In my opinion, one very easy and tangible method of providing this to police officers is to give them access to city debit cards with a set amount of available funds. This would allow officers to not only help out those in dire straits, yet also provide them with the means to help out the public in day-to-day typically unremarkable encounters.

If an officer is working a car wreck were kids are passengers and just so happens to be near a gas station. Wouldn’t it be great for the Officer to be able to offer the kids a chance to get some candy or a drink during an already unsettling event?

How about the stranded motorist who has run out of gas? What if the officer could say, “Hang on, I’ll go get you a few gallons real quick.”

Something so simple as giving cops access to a debit card with a $50 limit on it could truly help change the public’s entire opinion and view of the police.

Additionally, it would give police officers a chance to have more positive interactions with the public rather than the overwhelming and all too common negative contacts the police currently make with the citizens they serve. Suddenly, in a very tangible way, police officers could actually be able to “Serve” a community instead of just simply being satisfied with the ability to only “protect.”

I have mentioned this concept several times over the last few years and each time I say it to those amongst the rank and file of the police profession they have always responded positively and recognized the ability to do some incredibly positive things.

Conversely, when I have mentioned it to management at police departments outside of my local area, they have looked at me as if I just asked them would they consider implementing a “Beastmaster” unit, complete with officer outfitted in loincloth uniform with an eclectic cornucopia of trained animals at their disposal.

“You really think that a ferret would be a good fit for police work?”

Strange looks aside, I have yet to find anyone that can give me a good reason a system such as this shouldn’t universally exist.

Here are the top responses and my reply that I frequently have encountered the moment I mention it.

“Sounds like a great idea but I doubt the city could afford it.”

$50 dollars? A city couldn’t afford to give officers access to $50 on a debit card?

The Taser X2 devices that the bulk of police departments now carry cost $1,400. That’s just for the device. The cartridges cost $80 a two pack. Every time an officer deploys their Taser, there goes almost the cost the community debit card.

Now, I’m not saying get rid of your Tasers. I think Tasers area very valuable less lethal tool for officers to have. However, whatever you did to talk a city into paying for the Tasers, do that. Tell your city leaders, unlike the Tasers, this is something that will leave a lasting good impression with the community and improve the public’s view of the police. Better yet, don’t say the word “community” or “public.” Instead, when you speak to the city or county leadership say, “constituents” or “electors.”

“Yeah but then we would have Officers misusing the debit cards for their own use.”

Then you fire them… The officers that is… The ones who misuse the card. That “misuse” as you call it, is actually called theft. A crime in all states of the Union.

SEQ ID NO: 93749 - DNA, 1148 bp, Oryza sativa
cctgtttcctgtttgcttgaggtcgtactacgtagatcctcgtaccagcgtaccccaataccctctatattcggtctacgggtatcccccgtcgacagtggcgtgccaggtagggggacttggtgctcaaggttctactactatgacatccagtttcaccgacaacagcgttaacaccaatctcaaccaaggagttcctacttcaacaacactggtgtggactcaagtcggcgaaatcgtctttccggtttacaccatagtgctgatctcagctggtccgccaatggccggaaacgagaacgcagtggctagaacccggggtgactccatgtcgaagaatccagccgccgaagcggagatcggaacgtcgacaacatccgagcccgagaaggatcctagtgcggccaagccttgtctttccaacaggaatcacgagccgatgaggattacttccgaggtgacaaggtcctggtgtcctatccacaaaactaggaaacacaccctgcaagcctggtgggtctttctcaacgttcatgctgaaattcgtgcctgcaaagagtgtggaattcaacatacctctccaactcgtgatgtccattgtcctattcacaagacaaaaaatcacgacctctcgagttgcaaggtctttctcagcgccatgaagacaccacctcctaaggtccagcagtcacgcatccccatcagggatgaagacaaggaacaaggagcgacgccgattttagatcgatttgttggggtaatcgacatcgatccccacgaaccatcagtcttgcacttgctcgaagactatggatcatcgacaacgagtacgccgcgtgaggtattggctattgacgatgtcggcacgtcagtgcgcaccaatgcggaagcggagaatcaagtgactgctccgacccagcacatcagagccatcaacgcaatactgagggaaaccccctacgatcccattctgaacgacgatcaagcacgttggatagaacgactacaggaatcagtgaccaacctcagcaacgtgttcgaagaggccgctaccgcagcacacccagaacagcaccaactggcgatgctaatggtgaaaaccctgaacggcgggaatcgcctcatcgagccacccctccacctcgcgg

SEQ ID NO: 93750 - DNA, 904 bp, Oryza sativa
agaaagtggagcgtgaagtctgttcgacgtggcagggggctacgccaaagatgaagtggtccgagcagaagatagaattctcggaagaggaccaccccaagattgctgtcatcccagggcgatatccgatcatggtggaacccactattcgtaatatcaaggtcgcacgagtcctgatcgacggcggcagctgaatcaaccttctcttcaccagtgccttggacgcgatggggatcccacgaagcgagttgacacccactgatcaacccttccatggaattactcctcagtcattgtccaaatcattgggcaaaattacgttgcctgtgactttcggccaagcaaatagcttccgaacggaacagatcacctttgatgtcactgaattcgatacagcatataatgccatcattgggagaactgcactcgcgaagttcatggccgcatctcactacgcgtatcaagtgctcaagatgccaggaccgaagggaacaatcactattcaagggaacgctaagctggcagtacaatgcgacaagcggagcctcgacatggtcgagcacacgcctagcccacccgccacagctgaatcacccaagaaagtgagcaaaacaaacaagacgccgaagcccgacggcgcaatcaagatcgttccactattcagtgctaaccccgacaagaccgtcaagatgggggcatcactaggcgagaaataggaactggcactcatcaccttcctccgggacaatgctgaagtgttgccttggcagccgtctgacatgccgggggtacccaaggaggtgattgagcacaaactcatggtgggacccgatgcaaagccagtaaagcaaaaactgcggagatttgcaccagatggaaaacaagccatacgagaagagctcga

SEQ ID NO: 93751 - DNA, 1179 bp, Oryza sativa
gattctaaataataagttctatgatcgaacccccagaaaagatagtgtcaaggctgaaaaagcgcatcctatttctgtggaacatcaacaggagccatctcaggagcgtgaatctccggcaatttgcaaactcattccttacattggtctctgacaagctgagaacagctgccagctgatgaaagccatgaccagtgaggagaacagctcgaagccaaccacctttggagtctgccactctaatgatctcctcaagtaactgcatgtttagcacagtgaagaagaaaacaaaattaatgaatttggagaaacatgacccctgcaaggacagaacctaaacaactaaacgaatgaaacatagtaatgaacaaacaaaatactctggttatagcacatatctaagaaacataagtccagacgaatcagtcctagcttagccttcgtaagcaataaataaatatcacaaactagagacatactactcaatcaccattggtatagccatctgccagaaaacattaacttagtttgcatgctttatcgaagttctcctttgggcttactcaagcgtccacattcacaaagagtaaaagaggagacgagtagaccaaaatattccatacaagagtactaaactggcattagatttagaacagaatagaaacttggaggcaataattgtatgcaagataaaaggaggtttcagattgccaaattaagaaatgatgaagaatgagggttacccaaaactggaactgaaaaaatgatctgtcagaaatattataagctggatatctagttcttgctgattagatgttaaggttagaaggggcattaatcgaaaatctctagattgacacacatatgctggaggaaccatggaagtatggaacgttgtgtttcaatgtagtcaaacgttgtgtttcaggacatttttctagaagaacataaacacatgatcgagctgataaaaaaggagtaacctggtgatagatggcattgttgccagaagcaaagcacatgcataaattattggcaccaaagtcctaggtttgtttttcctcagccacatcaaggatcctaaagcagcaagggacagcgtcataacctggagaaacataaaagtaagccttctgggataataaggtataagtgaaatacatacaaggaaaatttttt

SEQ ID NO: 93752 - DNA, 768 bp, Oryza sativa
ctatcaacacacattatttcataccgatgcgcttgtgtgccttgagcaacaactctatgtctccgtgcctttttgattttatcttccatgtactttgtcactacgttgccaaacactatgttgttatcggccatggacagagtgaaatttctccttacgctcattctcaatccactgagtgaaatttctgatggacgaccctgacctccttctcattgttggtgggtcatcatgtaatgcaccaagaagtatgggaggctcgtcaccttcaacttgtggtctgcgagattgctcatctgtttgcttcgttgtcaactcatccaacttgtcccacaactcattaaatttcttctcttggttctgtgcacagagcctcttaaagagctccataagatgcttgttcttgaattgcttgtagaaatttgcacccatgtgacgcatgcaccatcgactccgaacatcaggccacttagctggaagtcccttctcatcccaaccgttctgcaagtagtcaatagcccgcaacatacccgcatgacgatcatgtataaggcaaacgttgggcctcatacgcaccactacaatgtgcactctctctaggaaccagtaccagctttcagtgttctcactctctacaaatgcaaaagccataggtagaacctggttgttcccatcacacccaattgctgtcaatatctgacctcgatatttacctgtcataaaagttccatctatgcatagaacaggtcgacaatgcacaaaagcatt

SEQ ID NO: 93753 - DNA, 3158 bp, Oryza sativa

Seriously, a host of professions provides their employees with access to company credit cards, etc. There is no way you are telling me that a pharmaceutical sales rep possesses some vastly superior cognitive capacity over police officers when it comes to turning in receipts and an expense report.

Lastly, you give them a gun…. Seriously, you provide your police officers with a weapon of death and destruction, not as a perk, rather as a fundamental requirement for the job. If you’re telling me that you give your officers a gun, but don’t trust them with a $50 debit card, well I don’t know what to tell you other than we have a much bigger problem on our hands.

“Then the public will just take advantage of it and use the officers to pay for stuff they need.”

Going back to the gun thing again. So you trust your officers with a gun but don’t trust them to be able to tell when a person is in need, or when the correct situation warrants it?

Equally as important… Oh well! It’s their money. It’s the public’s money, as in tax revenues. The public is the one who pays into the system, so technically it’s their money and we’d just be giving it back.

At the end of the day, I don’t want to take anything away from the incredible compassion and positive solution to a problem that Officer Mario Valenti of the Skokie Police Department provided to for a teenager that day he was called to the gym. I truly respect and admire his dedication in helping support a vision of what I believe policing should and could be.

Ultimately, my frustration when I read a host of stories like Officer Valenti’s comes from the fact that I hate that in order to achieve something like this, these officers have to pay for it themselves. Truthfully, it also always rubs me the wrong way when I see the police departments piggyback on the good deeds of their officers as if to demonstrate that their actions are representative of the entire agency.

Maybe they are. Maybe every single officer at the agency would do exactly what Officer Valenti did that day. However, if the agency is encouraging the officers to have to pay for out of their own pockets, then the system becomes a burden to the officers and voids the ability for positivity.

Equally, if the agency is not encouraging or supporting these actions… well, I’m sorry, those acts of commitment to the public belong to the men and women who perform them and not to the agency. Instead, the agency just got lucky they hired an officer that polices with heart. However, if you don’t encourage or support these types of positive actions, they will continue to be exceptions to what is normally how the public and officers view what it means to be the police.

Tim McMillan is a retired police lieutenant and investigative intelligence analyst; and holds BA's in mathematics and cognitive psychology. Primarily, focusing on the Defense and Intelligence Communities, he now uses his unique background, coupled with a willingness to examine any mystery, to deliver groundbreaking investigative reporting. Tim is a contributor for The War Zone, Vice, and Popular Mechanics